West will never beat Taliban, Rudd warned
By Matt Wade Herald Correspondent in Islamabad and agencies
-- - A FORMER head of Pakistan's military intelligence says
Australia's troop deployment in Afghanistan is doomed to failure
and has urged the Government to withdraw its forces as quickly
Hamid Gul, the retired general who was the director-general of
Pakistan's Inter-Services Intelligence Directorate when it
supported Afghan militias against the Soviet occupation of their
country, believes Western troops will be forced to leave
Afghanistan by the end of next year.
"There comes a time in every war when the scales start tilting,"
Mr Gul said. "I think the foreign presence in Afghanistan is at
a tipping point now. Even if they are able to stretch it out,
next year will be the last campaign year of the occupying
forces. Then they will go - they will have to go."
Mr Gul said it was not "wise" for Australia to maintain its
troop commitment. "Of course it's very difficult to say no to
America, but [Australia should] find a way out like Japan … and
More than six years after the US-led invasion, the issue of
security came to a head this week when the Canadian Prime
Minister, Stephen Harper, threatened to pull out Canada's 2500
troops early next year unless NATO sent in more soldiers.
The US said it would press its European NATO allies to send more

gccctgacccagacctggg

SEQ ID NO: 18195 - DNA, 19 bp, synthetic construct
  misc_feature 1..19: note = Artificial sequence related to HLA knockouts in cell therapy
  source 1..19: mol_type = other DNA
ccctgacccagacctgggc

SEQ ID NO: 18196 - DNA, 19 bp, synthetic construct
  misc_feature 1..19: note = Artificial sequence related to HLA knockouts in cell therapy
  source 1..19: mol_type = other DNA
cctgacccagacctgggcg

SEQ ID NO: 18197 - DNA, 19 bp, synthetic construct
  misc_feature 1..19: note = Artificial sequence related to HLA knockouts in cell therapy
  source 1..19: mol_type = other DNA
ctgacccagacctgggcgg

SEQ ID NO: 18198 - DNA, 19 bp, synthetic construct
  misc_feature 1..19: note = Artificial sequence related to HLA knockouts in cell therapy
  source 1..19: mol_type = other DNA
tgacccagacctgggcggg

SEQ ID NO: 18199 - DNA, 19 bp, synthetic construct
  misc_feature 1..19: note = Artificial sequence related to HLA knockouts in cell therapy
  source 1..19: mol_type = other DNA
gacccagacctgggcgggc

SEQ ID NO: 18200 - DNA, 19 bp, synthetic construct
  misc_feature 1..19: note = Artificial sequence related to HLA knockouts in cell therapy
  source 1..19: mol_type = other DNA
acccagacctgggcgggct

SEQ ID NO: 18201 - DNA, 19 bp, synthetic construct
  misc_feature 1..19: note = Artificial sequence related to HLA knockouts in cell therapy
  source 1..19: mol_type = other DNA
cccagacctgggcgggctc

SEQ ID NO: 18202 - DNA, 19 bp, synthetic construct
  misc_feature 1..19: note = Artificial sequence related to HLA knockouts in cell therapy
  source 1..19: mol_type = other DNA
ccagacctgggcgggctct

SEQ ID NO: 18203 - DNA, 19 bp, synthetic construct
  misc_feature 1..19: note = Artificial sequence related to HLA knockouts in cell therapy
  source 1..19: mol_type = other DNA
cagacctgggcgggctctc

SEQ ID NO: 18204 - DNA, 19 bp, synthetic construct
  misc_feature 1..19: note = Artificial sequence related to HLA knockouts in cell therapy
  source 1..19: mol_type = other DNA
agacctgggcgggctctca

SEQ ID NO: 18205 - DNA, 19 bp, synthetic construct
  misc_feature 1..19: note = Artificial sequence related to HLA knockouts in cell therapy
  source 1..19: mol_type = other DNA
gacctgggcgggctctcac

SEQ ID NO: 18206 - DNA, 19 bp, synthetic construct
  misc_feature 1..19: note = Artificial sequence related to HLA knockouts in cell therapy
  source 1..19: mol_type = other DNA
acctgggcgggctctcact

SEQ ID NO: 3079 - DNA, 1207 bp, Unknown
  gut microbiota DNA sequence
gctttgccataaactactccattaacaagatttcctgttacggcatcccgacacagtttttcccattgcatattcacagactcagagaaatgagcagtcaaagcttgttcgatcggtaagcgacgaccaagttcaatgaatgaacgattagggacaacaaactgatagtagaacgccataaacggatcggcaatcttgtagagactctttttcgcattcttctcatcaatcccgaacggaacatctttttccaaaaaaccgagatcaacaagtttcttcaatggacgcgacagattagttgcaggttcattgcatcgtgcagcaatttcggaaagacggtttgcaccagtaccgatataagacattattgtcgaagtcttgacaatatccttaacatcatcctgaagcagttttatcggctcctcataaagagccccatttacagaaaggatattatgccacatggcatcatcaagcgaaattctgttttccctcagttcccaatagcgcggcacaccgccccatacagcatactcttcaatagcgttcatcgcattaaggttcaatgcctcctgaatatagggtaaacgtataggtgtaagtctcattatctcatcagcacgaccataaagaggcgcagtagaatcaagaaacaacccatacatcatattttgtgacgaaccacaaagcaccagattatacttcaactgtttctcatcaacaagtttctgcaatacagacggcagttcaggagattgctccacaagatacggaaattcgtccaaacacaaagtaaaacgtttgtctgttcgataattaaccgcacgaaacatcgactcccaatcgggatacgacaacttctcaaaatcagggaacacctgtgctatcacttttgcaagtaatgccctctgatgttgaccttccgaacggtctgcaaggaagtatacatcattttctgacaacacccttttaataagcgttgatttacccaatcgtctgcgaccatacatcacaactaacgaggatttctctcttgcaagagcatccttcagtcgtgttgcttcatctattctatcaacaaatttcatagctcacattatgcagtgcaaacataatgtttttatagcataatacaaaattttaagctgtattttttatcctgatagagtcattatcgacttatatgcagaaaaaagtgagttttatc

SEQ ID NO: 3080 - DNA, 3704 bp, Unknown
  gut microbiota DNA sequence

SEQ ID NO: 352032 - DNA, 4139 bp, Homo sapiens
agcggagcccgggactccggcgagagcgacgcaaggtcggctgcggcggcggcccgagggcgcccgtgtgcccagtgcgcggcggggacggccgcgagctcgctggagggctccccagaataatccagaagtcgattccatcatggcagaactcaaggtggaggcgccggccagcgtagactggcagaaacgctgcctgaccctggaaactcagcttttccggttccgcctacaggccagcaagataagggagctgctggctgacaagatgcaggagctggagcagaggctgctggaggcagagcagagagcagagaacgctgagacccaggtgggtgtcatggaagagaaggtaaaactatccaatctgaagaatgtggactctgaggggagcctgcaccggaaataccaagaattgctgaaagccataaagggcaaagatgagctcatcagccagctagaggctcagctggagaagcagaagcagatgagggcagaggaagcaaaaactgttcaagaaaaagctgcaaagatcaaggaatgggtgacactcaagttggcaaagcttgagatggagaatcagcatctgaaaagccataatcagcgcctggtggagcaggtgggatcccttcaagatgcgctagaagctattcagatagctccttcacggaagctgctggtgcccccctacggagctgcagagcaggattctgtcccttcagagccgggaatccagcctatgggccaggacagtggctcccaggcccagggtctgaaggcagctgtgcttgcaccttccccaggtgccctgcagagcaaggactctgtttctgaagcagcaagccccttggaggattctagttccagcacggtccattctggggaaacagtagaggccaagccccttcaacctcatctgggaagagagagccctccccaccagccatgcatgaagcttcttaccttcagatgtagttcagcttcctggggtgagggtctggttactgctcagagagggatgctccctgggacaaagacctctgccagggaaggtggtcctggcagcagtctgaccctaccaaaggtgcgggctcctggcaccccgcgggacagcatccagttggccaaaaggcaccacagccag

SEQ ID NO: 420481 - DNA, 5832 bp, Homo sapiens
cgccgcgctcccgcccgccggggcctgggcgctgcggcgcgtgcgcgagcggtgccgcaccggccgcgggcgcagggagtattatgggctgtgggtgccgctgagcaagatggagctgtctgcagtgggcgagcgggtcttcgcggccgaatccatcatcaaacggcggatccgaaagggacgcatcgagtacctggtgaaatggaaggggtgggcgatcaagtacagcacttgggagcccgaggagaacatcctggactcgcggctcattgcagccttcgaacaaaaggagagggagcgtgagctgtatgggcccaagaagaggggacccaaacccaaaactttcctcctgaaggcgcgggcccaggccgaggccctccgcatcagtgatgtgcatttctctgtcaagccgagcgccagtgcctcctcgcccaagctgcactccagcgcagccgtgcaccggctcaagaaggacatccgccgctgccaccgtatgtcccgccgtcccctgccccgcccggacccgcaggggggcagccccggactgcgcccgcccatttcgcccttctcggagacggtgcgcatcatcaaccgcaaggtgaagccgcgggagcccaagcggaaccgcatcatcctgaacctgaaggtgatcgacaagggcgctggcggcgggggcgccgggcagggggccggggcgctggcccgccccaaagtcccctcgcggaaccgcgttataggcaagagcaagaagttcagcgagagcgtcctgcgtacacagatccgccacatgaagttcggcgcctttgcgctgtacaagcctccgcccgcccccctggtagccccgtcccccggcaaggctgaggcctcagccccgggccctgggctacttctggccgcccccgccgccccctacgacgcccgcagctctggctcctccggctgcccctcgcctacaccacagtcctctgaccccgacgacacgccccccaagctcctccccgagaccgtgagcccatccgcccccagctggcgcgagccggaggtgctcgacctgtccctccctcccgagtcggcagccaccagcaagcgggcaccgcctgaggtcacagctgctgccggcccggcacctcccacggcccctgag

troops to Afghanistan's violent south, but the Pentagon has said
it will not commit any more of its own forces there.
The Taliban were toppled by the invasion in late 2001 but have
recently made an explosive comeback, despite the presence of
50,000 foreign troops under the command of NATO and the US
military, backed by 120,000 Afghan security forces.
Australia has about 1000 troops stationed mainly in the south,
making it the largest non-NATO contributor. The Prime Minister,
Kevin Rudd, has pledged to keep Australian troops in
But Mr Gul says Western forces face a determined opposition that
will not give up."As a soldier I can tell you there is no army,
no matter how strong, that can prevail against a nation that
decides to fight. You will never, never prevail," he said.
Since retirement Mr Gul has been involved with Jamaat-i-Islami,
a relatively moderate Islamic political party in Pakistan, and
was among a group of retired army officers who last week called
on the President, Pervez Musharraf, to stand down.
Mr Gul concedes that a withdrawal from Afghanistan by the US and
its allies would probably hand control of much of the country to
the Taliban. But he said the security situation in his own
country would improve significantly if US forces were to depart
The Afghan Defence Minister, Abdul Rahim Wardak, has said Kabul
expects its allies to help expand Afghanistan's security forces.
"The only sustainable way to secure this country in an enduring
way is to enable the Afghans themselves to be able to defend
this country," he said.
Copyright © 2008. The Sydney Morning Herald.
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